Many of the photos on Joseph Benavidez’ Instagram account aren’t what you would typically see on a pro athlete’s page.
Brando. Pacino. De Niro. Scorcese. Stallone.
Usually, there’s not even a comment by the flyweight contender.
“I let the pictures speak for themselves and they can be interpreted in many ways,” he said. “If you go back through my timeline, there are hardly any training pictures, but there are random picture of Marlon Brando with the dog, Rocky pictures, I have a picture of a Van Morrison album cover, but not with the title. Sometimes pictures can speak more than words to me.”
Again, not typical, but Benavidez isn’t your typical athlete. That didn’t happen overnight. At one point, the Las Cruces product was like every other young man who decided that fighting for a living was the path he wanted to choose. And then acted accordingly.
“There was a time when all I thought about was fighting,” he said. “All I did in my whole life was go to the gym, train, stop, not think about anything, not have a social life, not have any interests. And that’s great, because I feel you have to be obsessed with something to succeed in it.”
Benavidez’ obsession paid off. At 32, he holds a 24-4 record, with 11 of those wins coming at the highest level of the sport in the UFC. His only losses have come against two fighters destined for the Hall of Fame in Demetrious Johnson and Dominick Cruz, and as he enters his Friday co-main event against Henry Cejudo, he is as hungry as ever to leave the sport with a legacy as one of the greats.
But what he did 21 can’t possibly work at 32, so as the years went by, he began living a life that had little to do with what happened on fight night.
“Fighting is such a hard, intense, dark thing, and there’s no way around the pain, the suffering and the commitment and the energy it’s gonna take,” Benavidez said. “There’s no way around it. It has to happen. So as light as I can make the other aspects of life, and fun and interesting for me, you definitely need that. You can’t just live in those trenches 24/7. And you need that to continue to love it. You need it to keep your sanity and to miss it. That balance in life is ultra-important.”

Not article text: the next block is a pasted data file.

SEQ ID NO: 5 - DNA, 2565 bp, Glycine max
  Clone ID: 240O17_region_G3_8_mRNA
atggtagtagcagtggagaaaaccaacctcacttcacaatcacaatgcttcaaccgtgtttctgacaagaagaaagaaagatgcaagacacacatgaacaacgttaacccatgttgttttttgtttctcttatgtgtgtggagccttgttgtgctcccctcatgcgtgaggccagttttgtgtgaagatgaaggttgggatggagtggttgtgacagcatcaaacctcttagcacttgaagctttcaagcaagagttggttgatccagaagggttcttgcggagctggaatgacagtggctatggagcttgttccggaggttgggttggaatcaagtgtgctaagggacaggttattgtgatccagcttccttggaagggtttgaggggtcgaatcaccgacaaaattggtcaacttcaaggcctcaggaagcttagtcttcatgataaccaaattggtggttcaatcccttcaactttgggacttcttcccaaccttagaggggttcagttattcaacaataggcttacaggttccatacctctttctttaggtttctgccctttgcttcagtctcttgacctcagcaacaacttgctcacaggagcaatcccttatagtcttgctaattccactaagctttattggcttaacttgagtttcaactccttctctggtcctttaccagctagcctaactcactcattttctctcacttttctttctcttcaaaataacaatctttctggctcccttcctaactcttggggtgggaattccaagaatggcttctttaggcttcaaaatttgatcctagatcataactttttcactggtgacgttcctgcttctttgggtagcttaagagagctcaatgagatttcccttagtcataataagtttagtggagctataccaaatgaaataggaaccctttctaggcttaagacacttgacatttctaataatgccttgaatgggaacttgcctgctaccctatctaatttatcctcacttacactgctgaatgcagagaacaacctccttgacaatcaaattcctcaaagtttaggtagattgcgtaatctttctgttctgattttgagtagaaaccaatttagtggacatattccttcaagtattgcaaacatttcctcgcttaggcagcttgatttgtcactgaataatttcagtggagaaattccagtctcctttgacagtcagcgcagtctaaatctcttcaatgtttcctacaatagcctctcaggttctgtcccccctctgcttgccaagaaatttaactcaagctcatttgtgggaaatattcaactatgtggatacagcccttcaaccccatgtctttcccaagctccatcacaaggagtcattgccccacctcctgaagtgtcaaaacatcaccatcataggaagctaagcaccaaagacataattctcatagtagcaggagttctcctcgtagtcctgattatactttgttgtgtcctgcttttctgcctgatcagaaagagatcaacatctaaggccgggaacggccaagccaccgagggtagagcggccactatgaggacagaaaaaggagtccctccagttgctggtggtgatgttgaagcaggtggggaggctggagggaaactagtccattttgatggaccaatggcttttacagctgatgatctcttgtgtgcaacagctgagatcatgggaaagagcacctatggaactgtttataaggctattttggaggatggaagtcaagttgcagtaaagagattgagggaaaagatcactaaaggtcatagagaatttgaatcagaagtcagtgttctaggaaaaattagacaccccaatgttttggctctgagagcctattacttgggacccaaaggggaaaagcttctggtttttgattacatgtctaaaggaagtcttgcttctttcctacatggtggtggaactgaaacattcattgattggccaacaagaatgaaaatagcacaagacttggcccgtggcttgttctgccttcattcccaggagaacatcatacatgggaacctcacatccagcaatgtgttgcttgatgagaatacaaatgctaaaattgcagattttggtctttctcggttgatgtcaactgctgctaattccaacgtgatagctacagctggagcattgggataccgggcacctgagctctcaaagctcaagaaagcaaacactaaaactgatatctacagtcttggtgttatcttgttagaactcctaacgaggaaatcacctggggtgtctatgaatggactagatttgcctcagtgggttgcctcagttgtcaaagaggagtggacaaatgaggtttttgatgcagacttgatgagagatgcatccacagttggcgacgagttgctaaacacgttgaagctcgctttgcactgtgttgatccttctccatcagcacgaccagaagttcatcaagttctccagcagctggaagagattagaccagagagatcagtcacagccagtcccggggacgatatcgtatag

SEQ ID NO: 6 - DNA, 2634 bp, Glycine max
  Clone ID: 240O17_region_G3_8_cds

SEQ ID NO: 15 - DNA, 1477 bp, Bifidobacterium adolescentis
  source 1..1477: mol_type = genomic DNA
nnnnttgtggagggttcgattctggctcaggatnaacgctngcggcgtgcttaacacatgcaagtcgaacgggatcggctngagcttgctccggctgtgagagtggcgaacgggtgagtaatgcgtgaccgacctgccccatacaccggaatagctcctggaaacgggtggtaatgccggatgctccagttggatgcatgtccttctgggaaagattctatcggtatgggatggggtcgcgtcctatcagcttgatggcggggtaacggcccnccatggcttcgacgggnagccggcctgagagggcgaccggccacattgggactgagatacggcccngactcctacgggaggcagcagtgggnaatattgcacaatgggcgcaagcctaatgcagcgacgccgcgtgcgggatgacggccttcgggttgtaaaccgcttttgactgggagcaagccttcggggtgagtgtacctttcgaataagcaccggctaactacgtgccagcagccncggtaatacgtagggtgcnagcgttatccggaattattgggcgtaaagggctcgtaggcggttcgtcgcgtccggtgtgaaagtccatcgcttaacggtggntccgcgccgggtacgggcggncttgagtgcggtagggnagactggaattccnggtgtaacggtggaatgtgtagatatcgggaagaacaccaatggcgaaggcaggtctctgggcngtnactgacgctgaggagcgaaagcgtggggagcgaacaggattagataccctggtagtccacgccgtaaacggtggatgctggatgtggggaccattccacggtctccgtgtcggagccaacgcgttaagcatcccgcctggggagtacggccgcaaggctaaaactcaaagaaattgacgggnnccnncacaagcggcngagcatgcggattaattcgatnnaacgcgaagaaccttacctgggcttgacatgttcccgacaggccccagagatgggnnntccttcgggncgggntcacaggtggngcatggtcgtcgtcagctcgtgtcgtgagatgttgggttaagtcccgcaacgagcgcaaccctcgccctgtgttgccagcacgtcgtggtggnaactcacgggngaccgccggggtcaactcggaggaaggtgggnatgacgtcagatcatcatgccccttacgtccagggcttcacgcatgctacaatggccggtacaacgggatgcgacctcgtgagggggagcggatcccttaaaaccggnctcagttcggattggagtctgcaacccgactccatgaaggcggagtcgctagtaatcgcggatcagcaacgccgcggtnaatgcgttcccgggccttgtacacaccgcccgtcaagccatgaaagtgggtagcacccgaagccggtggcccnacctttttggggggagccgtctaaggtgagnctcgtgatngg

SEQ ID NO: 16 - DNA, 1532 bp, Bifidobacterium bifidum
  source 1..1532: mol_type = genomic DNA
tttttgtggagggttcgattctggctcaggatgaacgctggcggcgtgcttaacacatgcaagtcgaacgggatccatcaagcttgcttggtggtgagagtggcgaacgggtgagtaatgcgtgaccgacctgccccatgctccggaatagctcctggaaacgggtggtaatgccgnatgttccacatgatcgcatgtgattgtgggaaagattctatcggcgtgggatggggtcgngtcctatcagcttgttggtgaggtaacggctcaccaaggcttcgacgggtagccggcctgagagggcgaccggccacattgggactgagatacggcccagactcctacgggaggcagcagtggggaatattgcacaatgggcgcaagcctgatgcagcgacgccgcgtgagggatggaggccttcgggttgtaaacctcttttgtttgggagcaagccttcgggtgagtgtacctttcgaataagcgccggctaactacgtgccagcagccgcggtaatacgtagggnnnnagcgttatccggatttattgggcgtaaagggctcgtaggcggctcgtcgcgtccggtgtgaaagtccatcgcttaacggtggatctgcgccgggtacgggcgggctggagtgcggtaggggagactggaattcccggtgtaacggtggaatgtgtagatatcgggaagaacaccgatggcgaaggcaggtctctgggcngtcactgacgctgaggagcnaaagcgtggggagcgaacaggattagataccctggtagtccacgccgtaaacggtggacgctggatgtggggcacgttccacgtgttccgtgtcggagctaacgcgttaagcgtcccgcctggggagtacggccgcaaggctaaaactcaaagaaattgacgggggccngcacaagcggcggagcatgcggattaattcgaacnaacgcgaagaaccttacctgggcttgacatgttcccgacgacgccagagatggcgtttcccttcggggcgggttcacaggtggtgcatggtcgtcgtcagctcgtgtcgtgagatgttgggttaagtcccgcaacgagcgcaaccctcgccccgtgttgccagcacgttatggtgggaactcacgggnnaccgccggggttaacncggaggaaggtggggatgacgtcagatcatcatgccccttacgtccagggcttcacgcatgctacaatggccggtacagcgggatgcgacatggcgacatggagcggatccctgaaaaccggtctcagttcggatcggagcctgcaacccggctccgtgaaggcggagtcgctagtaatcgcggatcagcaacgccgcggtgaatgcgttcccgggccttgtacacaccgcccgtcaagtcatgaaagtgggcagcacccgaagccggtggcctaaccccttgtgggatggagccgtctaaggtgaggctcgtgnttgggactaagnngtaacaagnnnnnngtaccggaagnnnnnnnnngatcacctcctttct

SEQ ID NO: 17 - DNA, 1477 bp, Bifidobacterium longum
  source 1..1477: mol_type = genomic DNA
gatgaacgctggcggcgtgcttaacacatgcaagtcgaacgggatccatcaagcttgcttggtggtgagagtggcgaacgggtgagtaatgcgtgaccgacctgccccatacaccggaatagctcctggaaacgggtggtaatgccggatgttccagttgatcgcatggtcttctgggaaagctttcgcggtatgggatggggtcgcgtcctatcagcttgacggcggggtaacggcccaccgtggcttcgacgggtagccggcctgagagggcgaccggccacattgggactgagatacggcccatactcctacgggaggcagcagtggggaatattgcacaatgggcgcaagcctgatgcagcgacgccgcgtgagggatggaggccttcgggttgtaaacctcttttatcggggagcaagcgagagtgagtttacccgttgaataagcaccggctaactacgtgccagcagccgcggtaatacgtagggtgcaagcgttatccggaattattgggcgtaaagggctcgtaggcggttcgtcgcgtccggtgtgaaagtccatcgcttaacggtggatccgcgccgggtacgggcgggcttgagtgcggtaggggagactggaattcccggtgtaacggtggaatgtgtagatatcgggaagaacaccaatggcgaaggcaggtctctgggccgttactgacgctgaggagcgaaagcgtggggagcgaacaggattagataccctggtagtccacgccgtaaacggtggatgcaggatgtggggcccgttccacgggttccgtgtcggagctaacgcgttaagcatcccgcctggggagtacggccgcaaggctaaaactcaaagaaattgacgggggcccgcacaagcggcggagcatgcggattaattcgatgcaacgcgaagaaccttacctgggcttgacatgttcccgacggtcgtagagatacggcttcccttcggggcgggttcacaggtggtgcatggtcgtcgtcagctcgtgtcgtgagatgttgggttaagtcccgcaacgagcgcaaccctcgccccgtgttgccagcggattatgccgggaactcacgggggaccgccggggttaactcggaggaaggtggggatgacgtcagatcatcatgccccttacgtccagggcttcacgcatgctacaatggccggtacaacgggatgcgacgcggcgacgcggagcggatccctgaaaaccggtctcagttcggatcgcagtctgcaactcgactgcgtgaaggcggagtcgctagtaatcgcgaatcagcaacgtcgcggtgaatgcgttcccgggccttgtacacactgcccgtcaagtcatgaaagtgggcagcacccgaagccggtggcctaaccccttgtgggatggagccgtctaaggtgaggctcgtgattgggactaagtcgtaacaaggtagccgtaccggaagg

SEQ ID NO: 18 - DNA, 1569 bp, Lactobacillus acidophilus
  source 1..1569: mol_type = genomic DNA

To find his balance, there’s the marriage to his wife Megan, their dog Benny, his writing and drawing, and a love of film and music that borders on…yeah…obsession.
“My wife always makes fun of me, because she’s just like, ‘Why can’t you just watch something once or listen to it once? Why does it have to take over your life for a few months and then you move on to the next thing?’ And it is like that. (Laughs) For a while, I was obsessed with just drawing stuff, and then the next I’ll be writing, and the next I’ll watch a movie twenty times. I get obsessed with stuff, and if I get something and I like it, I want to get the most out of it that I can. If I enjoyed that moment, I’d like to enjoy many more of it.”
It all circles back to the folks on his Instagram page. Brando, Pacino, De Niro, Scorcese and Stallone didn’t reach the heights in their art without being obsessed. Benavidez has that trait in his DNA, and while he has varied interests, the main focus is still the one that puts food on the table. And whatever he achieves in the years after fighting, he would never describe MMA as a mere footnote in his life story.
“I would never call fighting a blip, because I feel that’s always gonna be somewhat a part of my identity,” Benavidez said. “It’s been what I’ve dedicated my life to, and I love it. It’s everything to me and I feel I’m going to leave a legacy in that realm.”
The next step to that legacy is beating Cejudo, who he coached against on season 24 of The Ultimate Fighter. The two won’t be sending each other Christmas cards, which only adds to the intrigue of a matchup that doesn’t need any extra hype. Yet the real added layer to the fight is that Benavidez, winner of five straight since his second loss to champion Johnson in December of 2013, is the No. 1-ranked contender at 125 pounds and the fighter many believe should be fighting “Mighty Mouse.”
He isn’t. Not now at least. Instead, the man fighting Johnson for the flyweight title will be one of the 16 fighters Benavidez and Cejudo coached on TUF 24. It could have been an awkward situation, but Benavidez didn’t approach it that way. And he still doesn’t look at it with a sideways glance. It’s just not his style, one as unique as you will find in this sport.
“At the end of the day, this show was happening and there was no control over the fact that someone else was going to get a title shot,” he said. “I’m accepting of that because I know I’m only going to get better in the meantime, and for me, the realest way to look at it is, hey, if somebody else can beat Demetrious, that means they’re the best in the world and they deserve it. I’m still gonna get that fight, it’s just prolonged, and in the mean time, it’s a great investment and exposure for the division. But I’m fighting Cejudo, I’m controlling that and that will help me if I do get to the other point.”